CHARLOTTE, N.C. — Jordan Spieth felt like he was "free rolling" going into the PGA Championship, the only major keeping him from the career Grand Slam. He just didn't anticipate greens rolling like this.
On some of the fastest, frightening and at times frustrating greens the PGA Championship has seen, Kevin Kisner and Thorbjorn Olesen emerged with a share of the lead Thursday at 4-under 67, the highest score to lead this major after the opening round in seven years.
Spieth didn't make a putt longer than 5 feet — that one was for par — and was coming off a pair of three-putt bogeys from long range when he steadied himself with a pair of perfectly executed birdies for a 72 that left him five shots behind and very much in the game.
"Given it's the first round, I know I'm still in it, but I know that (today's) round becomes that much more important," Spieth said. "If I'm five back at the start of the day, I've got to be less than five back after Friday to really feel like I can play the way this golf course needs to be played and still be able to win."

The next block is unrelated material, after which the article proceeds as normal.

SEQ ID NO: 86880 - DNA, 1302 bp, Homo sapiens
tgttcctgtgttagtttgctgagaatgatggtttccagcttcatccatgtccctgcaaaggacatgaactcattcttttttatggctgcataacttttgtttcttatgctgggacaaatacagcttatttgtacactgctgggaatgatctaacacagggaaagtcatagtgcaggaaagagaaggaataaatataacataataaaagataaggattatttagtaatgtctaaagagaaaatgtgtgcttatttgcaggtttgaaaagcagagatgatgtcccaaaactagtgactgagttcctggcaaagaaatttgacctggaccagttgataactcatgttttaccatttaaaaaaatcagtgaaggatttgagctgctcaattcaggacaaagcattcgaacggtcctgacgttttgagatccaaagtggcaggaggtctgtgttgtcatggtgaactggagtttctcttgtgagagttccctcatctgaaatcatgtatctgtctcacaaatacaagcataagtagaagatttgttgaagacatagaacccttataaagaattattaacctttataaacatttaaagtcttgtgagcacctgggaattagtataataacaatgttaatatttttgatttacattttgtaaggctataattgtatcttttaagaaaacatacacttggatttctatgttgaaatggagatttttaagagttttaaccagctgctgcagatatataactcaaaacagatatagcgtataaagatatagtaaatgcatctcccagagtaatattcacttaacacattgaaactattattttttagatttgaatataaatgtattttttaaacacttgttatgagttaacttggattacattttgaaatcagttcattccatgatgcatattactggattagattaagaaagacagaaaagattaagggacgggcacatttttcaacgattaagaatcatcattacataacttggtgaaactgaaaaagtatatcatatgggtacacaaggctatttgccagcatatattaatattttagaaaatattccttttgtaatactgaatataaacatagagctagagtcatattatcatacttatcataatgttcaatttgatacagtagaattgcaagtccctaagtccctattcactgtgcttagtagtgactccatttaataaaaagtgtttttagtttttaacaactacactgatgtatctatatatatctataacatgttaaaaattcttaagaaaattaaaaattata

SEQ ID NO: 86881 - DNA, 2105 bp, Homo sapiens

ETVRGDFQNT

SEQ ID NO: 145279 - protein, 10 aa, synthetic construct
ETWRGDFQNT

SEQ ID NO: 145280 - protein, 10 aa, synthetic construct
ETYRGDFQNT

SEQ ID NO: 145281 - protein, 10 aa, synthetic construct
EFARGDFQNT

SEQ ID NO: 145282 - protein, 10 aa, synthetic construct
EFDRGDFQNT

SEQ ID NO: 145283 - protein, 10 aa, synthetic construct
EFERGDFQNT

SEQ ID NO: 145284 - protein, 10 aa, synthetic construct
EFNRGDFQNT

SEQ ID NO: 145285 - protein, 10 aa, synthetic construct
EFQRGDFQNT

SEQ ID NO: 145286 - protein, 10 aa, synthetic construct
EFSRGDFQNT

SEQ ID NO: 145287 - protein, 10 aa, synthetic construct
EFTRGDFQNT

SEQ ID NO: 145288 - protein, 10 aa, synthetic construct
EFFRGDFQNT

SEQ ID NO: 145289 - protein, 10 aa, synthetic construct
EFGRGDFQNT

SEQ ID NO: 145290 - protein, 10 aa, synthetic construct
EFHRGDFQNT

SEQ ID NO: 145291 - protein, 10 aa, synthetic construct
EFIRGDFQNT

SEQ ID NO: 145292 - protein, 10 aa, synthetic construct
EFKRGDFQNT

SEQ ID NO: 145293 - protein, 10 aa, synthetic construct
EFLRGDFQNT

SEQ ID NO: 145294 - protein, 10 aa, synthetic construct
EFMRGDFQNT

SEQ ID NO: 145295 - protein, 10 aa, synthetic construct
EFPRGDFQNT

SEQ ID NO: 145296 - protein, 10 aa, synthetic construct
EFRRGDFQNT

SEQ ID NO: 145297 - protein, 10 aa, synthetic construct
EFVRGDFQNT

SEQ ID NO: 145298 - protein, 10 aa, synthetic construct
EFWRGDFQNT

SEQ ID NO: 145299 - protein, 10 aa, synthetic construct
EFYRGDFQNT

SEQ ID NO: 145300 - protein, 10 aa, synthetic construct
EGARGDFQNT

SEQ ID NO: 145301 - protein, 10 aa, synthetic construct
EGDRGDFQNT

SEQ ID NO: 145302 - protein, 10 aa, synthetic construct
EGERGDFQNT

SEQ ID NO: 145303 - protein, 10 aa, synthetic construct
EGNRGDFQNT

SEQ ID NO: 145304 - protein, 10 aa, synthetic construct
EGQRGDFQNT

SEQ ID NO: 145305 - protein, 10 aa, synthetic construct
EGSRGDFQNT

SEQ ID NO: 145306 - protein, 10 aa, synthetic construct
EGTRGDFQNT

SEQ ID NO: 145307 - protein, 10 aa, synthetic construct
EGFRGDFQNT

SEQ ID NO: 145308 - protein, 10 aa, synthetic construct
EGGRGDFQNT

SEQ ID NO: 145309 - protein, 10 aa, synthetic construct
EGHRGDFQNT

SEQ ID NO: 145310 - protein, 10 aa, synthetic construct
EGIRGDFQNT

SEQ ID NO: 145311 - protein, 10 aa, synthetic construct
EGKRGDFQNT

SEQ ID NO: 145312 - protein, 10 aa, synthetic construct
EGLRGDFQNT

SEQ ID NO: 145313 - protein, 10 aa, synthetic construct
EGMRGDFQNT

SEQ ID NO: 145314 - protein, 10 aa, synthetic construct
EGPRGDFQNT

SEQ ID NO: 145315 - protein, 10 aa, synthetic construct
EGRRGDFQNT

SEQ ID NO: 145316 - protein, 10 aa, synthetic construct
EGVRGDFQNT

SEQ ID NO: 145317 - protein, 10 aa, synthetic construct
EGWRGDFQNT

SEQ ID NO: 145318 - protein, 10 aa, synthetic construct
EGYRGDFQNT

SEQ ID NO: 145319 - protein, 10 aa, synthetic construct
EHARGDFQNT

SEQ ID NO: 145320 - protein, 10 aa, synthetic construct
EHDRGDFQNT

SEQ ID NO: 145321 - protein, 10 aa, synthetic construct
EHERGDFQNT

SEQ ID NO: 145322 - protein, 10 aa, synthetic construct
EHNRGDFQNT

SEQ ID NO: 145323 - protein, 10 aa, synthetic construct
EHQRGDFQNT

For all the talk about this 7,600-yard course favoring the big hitters, the shortest club in the bag turned out to be just as valuable.
"Any time you have a putt down grain, downhill … we just tap it and hope it stops by the hole," Jon Rahm said after 70.
U.S. Open champion and former Florida State golfer Brooks Koepka led five players at 68. Koepka missed a half-dozen putts from 12 feet or closer. "Make sure the worst score you make is a bogey," he said, "and give yourself a couple of good chances on the easier holes."
That's the way Kisner approached it. He identified four or five holes where he could make birdie, and he played for par everywhere else. "I birdied them all (Thursday)," he said.
Rickie Fowler made plenty of birdies, and he needed them to offset his triple bogey on the sixth hole. He shot 69.
Rory McIlroy, the betting favorite coming into the week because of his two victories at Quail Hollow, was motoring along just fine when he birdied the 10th hole to reach 2 under, just two shots behind. One swing changed everything. He hooked his tee shot into the water on the reachable par-4 14th, had to drop in nasty rough and missed a short putt to make double bogey. He failed to birdie the par-5 15th and closed with three pars for 72.
Hideki Matsuyama, Dustin Johnson and Jason Day were among those at 1-under 70.
Phil Mickelson failed to make a single birdie — the second straight major that has happened — and shot 79, his worst score in the PGA Championship. Ernie Els, who might be playing his final PGA, matched his worst score in the championship with 80. He also shot 80 when he was 22, playing his first one at Bellerive in 1992.